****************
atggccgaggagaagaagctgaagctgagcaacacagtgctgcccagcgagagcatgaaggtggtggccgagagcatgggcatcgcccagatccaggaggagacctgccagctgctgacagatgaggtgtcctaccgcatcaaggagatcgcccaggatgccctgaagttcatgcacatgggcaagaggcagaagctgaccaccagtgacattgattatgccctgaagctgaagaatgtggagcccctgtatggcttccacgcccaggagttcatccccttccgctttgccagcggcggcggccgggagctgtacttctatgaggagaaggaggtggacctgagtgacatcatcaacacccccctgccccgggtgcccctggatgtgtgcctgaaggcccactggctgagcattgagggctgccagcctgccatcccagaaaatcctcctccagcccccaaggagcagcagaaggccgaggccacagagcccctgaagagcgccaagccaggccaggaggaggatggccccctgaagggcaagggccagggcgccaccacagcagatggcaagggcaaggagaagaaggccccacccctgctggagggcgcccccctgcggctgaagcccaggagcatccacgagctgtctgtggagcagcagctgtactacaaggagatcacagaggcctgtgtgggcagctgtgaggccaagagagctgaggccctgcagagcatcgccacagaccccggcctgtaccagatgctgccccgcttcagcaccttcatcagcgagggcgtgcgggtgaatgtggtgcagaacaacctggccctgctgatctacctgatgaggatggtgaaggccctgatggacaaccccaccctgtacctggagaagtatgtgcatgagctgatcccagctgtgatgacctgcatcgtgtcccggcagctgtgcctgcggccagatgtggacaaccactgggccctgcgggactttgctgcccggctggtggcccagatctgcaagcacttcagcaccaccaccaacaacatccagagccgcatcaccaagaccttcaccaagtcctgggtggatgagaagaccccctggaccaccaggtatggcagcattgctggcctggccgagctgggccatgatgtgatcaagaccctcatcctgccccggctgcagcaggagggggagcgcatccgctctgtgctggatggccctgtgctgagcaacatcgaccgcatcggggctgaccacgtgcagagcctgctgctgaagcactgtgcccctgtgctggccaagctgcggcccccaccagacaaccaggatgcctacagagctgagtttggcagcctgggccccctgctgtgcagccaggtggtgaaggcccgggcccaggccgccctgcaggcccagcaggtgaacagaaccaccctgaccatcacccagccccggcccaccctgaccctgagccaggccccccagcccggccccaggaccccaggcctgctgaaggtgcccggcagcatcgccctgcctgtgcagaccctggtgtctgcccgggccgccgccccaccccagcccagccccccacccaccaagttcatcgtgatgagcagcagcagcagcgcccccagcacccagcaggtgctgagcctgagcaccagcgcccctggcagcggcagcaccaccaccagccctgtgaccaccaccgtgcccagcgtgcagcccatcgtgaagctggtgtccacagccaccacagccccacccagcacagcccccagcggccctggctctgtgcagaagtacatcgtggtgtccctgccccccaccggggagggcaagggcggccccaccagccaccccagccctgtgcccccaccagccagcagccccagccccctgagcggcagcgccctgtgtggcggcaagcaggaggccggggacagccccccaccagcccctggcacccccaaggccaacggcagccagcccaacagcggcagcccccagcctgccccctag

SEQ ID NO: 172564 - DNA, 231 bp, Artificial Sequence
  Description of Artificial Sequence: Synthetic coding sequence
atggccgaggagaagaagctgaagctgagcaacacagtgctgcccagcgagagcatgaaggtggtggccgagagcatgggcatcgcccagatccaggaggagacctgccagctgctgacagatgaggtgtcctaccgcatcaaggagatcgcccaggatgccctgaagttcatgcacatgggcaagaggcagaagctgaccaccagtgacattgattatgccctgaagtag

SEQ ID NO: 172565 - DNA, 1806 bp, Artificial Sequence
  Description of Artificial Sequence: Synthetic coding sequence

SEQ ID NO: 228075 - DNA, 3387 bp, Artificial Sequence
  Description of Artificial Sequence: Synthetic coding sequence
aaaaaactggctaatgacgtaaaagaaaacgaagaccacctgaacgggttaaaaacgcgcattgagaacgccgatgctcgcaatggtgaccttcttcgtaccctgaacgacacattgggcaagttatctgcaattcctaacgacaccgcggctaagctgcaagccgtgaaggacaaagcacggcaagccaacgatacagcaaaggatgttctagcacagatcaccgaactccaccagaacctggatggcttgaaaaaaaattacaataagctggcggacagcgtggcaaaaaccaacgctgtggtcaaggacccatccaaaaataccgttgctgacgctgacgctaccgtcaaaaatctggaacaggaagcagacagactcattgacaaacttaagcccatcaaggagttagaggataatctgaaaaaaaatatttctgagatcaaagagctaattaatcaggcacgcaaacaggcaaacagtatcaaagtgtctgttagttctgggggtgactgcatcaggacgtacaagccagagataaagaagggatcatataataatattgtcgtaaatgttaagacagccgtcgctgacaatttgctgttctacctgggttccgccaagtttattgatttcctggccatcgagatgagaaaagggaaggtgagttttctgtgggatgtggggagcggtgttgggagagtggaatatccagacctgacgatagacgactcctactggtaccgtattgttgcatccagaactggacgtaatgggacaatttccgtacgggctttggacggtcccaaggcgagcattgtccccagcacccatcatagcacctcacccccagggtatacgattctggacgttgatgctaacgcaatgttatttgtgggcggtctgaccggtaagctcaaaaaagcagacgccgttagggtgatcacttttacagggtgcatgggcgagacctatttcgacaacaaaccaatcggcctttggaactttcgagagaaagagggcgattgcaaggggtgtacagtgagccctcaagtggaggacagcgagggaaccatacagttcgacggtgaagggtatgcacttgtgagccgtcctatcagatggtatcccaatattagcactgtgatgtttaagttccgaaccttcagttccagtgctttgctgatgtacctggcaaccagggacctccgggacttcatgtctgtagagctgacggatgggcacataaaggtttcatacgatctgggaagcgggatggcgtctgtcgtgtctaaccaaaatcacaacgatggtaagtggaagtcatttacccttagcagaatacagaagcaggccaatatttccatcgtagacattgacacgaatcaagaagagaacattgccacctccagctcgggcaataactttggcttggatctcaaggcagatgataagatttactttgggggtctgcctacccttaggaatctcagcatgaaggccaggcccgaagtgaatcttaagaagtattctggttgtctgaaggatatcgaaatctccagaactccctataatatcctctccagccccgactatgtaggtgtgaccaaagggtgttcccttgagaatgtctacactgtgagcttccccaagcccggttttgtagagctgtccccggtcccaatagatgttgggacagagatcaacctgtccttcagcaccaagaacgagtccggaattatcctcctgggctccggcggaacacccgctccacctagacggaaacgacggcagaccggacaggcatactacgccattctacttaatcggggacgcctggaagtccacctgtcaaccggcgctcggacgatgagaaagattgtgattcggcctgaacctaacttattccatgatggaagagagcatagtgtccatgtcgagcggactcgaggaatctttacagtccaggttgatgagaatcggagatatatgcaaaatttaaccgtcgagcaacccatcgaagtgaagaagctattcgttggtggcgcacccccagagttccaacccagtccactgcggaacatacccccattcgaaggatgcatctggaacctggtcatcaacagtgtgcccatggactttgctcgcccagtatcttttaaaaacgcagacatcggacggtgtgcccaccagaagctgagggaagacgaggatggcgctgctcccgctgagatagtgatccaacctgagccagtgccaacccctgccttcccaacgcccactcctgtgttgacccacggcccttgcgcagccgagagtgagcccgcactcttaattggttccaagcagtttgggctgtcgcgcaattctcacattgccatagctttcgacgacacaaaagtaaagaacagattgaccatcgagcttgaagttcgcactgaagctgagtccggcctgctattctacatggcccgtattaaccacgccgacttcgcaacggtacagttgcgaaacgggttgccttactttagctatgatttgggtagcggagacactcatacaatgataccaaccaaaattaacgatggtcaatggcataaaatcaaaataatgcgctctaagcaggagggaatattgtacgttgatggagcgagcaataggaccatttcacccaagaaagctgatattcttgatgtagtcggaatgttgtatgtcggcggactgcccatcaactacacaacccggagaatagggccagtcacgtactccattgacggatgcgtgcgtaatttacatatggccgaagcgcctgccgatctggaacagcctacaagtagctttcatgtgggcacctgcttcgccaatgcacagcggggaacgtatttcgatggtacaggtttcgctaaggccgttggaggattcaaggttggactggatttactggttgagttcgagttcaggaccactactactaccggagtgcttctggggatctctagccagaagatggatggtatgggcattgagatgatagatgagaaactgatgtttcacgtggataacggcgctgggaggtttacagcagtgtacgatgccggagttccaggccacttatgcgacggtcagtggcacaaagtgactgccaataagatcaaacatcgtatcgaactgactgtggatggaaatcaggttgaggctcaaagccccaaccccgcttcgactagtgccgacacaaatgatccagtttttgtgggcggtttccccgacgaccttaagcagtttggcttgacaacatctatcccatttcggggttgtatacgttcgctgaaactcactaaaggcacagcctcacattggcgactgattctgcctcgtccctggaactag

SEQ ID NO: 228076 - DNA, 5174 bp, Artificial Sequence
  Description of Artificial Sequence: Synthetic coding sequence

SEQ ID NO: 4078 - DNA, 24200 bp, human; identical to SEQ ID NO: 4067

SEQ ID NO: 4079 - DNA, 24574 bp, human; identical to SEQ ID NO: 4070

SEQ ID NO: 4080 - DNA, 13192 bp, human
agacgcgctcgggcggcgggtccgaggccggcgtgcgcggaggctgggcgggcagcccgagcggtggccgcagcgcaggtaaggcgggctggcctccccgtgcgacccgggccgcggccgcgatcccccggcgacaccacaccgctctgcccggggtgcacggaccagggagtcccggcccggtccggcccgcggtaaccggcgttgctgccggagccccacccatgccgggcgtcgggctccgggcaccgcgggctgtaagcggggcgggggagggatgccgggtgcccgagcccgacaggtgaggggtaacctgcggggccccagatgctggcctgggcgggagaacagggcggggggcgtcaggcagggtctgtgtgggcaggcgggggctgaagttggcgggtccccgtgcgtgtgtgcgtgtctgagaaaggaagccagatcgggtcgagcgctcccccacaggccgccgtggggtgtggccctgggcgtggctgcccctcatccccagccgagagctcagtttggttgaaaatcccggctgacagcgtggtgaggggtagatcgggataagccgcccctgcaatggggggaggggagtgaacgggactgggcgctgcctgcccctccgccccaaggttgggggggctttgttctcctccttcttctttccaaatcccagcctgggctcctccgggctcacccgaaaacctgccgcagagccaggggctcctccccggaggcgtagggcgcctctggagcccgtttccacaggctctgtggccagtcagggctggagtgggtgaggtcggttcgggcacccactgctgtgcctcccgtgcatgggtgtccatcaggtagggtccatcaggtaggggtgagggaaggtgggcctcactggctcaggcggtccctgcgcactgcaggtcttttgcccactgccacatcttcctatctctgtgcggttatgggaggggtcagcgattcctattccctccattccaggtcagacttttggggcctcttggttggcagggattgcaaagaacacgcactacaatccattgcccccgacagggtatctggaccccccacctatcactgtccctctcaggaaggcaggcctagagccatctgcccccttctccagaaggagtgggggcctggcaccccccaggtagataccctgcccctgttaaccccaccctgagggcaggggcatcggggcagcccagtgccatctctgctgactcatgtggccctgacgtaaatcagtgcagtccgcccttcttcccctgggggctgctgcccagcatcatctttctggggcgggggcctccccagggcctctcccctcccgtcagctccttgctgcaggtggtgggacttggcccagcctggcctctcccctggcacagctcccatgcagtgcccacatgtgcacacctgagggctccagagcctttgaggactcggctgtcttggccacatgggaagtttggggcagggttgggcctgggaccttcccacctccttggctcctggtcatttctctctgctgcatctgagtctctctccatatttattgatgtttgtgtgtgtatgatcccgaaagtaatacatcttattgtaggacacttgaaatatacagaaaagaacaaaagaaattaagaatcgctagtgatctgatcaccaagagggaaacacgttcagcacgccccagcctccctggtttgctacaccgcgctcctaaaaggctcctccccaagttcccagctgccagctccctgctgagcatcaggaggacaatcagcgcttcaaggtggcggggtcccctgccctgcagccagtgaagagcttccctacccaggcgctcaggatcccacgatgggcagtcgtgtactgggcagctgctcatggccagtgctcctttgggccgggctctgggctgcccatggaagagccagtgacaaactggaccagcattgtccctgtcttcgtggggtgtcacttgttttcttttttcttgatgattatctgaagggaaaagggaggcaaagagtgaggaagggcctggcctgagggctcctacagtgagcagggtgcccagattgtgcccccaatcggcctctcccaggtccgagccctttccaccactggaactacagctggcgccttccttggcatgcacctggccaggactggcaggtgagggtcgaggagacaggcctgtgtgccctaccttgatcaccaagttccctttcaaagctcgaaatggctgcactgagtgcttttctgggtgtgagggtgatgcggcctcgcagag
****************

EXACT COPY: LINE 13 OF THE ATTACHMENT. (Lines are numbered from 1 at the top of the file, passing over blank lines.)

SEQ ID NO: 4079 - DNA, 24574 bp, human; identical to SEQ ID NO: 4070